Continued from Part One.
MetalMiner recently had the chance to sit down with Ron Krupitzer, vice president, automotive market for the Steel Market Development Institute. Having covered the aluminum industry’s involvement in lightweighting, we wanted to get the steel perspective on the issue.
MetalMiner: From where we left off with the last question, it’s clear that much of the debate between steel and aluminum as the material of choice for cars centers on cost. At a time when OEMs are trying to protect their margins, to what degree is material cost a driver for these buyers when considering steel vs. aluminum?
Ron Krupitzer: When we make advanced high-strength steels (AHSS), they are going to cost more per ton, more per pound — they are a premium product. But when a buyer goes out to source steel for a given part, they’re going to have to buy less steel. We’re saving 25 or 30 percent of the actual weight purchased. In the end, you won’t find any combination of materials that can save the same amount of weight at about the same cost that you had before in the traditional parts that you’re trying to re-engineer. Steel Market Development Institute’s 2011 report FutureSteelVehicle showed that we can design a vehicle with a hybrid platform or a fully electric vehicle that, even [including] the battery pack, we can save weight using steel and reduce emissions and fuel consumption to the point where it’s competitive with any vehicle in the world.
MM: From a corporate social responsibility (CSR) standpoint, how important is it to consider the lifecycle costs of a mostly-aluminum vehicle versus a mostly-steel vehicle?
RK: The steel industry is spending a lot more time looking at sustainability, life cycle and the environmental impact of our materials overall. First, there’s emissions impact — that’s important. Steel is the lowest energy-requiring structural material for cars, and therefore requires the lowest emissions to make a given mass unit of steel compared to aluminum, magnesium or even carbon fiber. It all relates to the fact that steel comes from iron oxide. Iron oxide is more than willing to give up its iron as a metal from the oxide, and the steelmaking process requires very little energy on a relative basis compared to other processes. Aluminum oxide or bauxite requires a lot more, and magnesium and the processing of carbon fiber require tremendous amounts of energy to manufacture those products. AHSS vehicle will weigh less than a traditional vehicle, and burn less fuel in its driving cycle.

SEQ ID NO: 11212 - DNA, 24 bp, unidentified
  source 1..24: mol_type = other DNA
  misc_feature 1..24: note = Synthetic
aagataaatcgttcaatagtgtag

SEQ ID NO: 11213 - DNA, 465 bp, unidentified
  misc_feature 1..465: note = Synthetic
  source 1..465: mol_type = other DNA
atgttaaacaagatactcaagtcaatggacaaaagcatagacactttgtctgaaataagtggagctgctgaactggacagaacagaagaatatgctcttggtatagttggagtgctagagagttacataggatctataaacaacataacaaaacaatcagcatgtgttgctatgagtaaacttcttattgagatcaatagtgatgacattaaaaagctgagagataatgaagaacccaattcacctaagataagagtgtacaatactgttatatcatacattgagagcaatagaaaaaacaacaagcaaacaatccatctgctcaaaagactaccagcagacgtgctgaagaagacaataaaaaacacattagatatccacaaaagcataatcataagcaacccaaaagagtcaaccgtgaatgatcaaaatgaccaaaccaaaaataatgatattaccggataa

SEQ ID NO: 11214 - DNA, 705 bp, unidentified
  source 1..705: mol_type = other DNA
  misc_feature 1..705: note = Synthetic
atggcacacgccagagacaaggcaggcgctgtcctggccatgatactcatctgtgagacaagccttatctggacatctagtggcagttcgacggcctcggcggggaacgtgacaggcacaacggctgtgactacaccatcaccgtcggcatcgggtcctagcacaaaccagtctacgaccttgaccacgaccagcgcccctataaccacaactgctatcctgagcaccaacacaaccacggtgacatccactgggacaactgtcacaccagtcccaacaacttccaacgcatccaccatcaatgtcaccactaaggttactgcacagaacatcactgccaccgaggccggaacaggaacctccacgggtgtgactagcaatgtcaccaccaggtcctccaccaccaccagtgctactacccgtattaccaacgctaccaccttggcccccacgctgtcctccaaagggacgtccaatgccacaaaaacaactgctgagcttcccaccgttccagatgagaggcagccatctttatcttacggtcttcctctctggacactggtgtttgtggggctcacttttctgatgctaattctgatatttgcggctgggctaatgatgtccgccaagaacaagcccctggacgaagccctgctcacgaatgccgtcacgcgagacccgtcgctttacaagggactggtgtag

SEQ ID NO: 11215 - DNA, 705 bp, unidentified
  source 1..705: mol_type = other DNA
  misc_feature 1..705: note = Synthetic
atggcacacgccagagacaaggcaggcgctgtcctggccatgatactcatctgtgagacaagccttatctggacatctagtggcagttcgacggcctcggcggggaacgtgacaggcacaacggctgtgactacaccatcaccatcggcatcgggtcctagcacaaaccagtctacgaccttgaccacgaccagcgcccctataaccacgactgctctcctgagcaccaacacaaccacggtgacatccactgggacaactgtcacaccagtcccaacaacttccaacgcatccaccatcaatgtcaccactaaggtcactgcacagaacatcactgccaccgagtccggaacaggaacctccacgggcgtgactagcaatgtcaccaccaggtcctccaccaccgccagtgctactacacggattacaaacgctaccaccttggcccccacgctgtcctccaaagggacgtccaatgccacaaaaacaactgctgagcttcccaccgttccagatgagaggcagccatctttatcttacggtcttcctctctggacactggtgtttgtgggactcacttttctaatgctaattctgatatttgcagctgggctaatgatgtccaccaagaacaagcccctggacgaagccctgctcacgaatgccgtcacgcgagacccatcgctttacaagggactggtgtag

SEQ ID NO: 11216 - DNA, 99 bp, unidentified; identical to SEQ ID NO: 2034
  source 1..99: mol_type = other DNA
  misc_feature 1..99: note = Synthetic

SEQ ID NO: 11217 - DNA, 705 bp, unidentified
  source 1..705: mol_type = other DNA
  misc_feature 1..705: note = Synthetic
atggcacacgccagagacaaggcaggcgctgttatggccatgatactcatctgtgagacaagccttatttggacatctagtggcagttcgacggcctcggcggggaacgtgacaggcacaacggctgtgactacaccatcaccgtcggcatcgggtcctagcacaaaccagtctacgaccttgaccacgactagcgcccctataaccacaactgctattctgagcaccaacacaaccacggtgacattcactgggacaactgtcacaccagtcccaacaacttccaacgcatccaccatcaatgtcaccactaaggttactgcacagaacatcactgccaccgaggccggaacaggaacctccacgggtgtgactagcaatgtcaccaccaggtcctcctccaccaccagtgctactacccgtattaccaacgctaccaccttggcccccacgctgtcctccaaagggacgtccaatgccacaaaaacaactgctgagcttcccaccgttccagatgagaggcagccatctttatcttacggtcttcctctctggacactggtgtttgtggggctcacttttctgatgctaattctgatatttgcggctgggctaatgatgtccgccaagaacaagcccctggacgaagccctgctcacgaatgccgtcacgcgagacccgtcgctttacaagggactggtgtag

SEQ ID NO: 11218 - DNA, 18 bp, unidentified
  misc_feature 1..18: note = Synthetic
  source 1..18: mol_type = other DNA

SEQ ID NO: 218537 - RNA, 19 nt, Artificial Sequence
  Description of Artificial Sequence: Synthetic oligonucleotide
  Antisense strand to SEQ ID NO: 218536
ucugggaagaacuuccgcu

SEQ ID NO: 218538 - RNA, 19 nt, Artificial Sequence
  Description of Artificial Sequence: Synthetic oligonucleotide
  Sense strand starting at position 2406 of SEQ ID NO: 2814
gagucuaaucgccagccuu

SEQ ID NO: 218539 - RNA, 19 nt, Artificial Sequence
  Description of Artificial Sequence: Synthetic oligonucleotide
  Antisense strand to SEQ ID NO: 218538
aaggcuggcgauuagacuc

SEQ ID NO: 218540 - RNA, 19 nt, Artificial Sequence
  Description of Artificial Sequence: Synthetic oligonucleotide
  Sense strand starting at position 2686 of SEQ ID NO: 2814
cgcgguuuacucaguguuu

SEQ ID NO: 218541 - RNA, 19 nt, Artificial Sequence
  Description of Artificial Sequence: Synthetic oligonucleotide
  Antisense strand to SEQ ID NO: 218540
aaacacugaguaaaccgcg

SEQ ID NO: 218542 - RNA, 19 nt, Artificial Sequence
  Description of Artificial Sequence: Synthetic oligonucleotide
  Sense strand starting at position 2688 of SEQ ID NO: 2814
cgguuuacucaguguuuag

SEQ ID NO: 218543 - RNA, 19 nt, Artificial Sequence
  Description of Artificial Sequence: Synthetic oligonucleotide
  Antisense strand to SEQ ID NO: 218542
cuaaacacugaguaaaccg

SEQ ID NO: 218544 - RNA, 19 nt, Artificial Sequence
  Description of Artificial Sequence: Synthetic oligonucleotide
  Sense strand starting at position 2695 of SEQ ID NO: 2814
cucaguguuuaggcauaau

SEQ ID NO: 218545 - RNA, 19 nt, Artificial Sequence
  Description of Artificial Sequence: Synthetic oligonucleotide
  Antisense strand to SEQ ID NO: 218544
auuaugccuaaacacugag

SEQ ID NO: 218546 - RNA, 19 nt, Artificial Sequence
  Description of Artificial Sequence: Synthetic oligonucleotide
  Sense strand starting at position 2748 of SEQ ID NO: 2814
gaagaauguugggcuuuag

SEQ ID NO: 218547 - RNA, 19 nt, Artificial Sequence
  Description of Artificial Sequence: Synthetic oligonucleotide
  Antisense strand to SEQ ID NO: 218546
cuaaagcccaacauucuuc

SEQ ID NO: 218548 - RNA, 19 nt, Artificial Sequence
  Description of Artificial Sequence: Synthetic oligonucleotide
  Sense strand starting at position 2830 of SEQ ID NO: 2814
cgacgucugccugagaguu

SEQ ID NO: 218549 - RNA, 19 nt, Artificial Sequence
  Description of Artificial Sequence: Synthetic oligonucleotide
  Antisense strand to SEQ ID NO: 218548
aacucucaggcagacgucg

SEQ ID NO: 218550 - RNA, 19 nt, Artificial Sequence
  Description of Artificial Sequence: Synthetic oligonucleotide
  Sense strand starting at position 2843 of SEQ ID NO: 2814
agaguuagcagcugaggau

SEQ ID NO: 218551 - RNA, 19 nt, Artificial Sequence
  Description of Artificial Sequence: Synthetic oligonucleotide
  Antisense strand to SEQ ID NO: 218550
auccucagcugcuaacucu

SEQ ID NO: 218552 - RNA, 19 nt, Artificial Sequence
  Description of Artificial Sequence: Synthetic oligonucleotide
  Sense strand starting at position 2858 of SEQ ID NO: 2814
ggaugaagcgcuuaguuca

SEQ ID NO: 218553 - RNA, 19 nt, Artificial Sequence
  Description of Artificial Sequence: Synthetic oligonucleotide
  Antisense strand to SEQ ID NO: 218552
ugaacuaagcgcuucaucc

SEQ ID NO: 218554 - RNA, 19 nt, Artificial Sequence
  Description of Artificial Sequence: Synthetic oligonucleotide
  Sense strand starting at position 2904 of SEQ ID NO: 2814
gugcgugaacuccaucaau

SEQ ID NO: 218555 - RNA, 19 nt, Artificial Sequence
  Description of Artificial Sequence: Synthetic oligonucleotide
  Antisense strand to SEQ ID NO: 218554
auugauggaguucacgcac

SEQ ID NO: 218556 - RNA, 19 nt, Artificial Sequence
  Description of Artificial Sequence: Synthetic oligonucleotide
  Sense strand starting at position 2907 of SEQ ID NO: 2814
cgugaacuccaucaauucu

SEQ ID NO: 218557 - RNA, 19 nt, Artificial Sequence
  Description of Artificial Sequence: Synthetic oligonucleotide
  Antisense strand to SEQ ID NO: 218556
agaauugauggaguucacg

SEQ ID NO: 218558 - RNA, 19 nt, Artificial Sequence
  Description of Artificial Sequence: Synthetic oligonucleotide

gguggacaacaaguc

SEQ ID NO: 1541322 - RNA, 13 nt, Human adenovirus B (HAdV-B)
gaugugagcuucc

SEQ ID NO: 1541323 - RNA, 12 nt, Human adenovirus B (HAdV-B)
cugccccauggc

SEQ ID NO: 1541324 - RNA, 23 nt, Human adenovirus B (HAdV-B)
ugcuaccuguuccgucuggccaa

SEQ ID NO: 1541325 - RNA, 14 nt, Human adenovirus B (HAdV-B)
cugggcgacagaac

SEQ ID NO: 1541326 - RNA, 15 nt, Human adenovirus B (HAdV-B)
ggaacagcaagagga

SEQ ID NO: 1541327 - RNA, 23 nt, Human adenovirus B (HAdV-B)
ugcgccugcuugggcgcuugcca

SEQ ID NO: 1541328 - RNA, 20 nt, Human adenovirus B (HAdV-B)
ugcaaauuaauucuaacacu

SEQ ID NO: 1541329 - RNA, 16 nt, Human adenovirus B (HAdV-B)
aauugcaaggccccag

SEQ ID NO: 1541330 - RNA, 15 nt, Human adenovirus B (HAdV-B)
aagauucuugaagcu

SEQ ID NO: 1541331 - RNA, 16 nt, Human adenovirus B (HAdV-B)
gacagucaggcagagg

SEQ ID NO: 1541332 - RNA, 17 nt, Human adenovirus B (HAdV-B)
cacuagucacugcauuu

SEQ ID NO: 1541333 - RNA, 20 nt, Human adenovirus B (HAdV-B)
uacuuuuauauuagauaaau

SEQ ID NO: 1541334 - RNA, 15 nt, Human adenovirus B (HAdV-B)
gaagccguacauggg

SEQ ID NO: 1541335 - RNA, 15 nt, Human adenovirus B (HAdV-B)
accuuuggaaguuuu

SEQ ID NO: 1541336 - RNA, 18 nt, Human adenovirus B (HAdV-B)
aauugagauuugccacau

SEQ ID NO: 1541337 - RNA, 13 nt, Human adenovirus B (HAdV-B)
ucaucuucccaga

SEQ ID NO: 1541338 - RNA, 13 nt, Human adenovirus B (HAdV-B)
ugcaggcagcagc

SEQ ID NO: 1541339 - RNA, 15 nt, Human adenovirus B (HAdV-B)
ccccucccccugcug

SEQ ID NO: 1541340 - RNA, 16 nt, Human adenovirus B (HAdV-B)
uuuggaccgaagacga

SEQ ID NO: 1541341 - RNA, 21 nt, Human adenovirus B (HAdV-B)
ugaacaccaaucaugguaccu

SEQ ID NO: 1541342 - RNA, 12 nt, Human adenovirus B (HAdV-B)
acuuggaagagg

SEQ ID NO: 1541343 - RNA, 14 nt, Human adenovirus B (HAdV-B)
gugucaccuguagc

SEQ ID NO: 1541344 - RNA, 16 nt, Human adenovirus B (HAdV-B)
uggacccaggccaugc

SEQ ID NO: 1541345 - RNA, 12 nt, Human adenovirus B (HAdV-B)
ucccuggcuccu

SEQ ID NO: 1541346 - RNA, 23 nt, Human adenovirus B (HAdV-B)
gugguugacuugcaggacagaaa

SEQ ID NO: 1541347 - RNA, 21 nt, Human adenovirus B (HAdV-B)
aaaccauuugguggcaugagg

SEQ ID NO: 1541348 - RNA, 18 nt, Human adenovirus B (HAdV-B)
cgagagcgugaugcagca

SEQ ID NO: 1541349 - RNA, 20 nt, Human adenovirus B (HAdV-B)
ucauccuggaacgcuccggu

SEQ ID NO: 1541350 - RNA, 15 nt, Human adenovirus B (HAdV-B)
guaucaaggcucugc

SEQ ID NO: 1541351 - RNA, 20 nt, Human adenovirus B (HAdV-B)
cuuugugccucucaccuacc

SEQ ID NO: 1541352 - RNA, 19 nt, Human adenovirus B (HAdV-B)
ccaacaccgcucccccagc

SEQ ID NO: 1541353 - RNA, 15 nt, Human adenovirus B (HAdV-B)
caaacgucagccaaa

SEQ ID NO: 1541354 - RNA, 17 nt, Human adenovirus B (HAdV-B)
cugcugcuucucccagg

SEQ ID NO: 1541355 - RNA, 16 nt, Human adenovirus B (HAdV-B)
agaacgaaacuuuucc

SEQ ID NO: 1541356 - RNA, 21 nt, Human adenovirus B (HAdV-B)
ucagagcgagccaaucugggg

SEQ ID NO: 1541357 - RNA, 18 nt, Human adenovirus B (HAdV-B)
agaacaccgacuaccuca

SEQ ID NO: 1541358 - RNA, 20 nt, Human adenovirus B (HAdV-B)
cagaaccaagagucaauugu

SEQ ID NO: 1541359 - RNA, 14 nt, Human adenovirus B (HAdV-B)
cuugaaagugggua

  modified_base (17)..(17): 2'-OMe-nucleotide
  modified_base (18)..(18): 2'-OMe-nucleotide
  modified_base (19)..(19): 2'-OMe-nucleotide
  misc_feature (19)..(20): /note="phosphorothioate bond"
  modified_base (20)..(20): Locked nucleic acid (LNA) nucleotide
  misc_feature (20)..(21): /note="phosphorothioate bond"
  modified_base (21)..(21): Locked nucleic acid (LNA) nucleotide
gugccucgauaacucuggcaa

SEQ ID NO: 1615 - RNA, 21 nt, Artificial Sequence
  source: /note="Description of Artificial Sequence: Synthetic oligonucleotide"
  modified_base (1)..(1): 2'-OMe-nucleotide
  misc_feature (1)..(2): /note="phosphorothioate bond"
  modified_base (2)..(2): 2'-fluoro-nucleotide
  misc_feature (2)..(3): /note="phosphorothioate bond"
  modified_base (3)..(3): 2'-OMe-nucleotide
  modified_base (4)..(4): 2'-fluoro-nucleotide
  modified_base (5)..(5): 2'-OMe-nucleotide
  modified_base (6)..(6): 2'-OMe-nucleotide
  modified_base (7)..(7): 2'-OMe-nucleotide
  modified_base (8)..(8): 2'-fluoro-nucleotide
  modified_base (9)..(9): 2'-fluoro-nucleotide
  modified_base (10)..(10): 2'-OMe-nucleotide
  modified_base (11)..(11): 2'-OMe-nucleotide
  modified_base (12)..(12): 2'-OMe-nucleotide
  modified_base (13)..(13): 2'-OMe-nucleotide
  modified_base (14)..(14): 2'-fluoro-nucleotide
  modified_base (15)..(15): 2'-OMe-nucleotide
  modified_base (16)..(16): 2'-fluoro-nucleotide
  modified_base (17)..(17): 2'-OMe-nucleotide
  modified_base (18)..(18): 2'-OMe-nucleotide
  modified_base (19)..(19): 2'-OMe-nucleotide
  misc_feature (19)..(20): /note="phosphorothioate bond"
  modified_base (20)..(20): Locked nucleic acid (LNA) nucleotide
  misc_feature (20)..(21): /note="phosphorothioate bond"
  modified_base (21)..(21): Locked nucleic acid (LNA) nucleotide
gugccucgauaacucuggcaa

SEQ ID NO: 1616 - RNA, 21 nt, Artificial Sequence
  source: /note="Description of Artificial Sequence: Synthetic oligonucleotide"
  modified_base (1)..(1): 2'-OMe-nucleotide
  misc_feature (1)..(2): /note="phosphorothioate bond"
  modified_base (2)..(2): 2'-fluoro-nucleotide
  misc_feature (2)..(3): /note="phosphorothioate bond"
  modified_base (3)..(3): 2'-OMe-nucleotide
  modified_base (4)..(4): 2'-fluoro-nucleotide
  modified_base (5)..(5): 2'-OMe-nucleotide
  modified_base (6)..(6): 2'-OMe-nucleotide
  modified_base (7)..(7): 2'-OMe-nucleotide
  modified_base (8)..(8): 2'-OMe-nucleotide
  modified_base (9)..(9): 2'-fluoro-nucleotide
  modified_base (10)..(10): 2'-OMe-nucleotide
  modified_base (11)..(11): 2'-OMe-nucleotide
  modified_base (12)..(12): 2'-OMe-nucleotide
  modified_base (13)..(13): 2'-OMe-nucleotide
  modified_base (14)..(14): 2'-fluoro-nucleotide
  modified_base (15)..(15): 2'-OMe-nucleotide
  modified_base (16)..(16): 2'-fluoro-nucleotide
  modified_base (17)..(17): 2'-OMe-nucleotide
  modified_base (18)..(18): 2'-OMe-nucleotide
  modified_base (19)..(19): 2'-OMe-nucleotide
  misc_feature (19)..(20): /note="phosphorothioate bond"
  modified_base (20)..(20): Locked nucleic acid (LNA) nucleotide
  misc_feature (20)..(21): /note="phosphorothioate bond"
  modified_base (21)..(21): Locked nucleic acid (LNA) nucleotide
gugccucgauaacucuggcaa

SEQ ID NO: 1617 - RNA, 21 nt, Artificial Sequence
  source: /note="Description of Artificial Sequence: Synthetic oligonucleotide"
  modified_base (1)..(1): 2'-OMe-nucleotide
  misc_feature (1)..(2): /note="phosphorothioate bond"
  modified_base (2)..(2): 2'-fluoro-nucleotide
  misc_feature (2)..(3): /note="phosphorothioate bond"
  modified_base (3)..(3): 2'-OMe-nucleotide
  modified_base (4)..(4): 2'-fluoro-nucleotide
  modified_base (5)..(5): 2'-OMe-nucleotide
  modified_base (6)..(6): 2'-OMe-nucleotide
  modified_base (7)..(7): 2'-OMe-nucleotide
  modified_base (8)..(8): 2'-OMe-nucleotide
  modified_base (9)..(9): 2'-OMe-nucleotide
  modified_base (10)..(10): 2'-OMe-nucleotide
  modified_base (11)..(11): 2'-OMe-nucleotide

Steel is fully recyclable at the end of life, and is the material that’s most targeted for recycling when vehicles are dismantled to their respective metal industries. Today, the steel that comes back from an automobile can go into any steel product. There aren’t that many materials in a vehicle (steel represents about 60% of every vehicle), but however much aluminum does come back is mainly in castings — aluminum blocks, aluminum heads — which is not the right chemistry to go back into body sheet or aluminum structural parts that are all being proposed now. All the new material that’s being looked at for mass reduction in aluminum parts has to come from bauxite — from high-energy production — so it’s something to be looked at when trying to satisfy the mass reduction [targets].
The interview concludes in Part Three.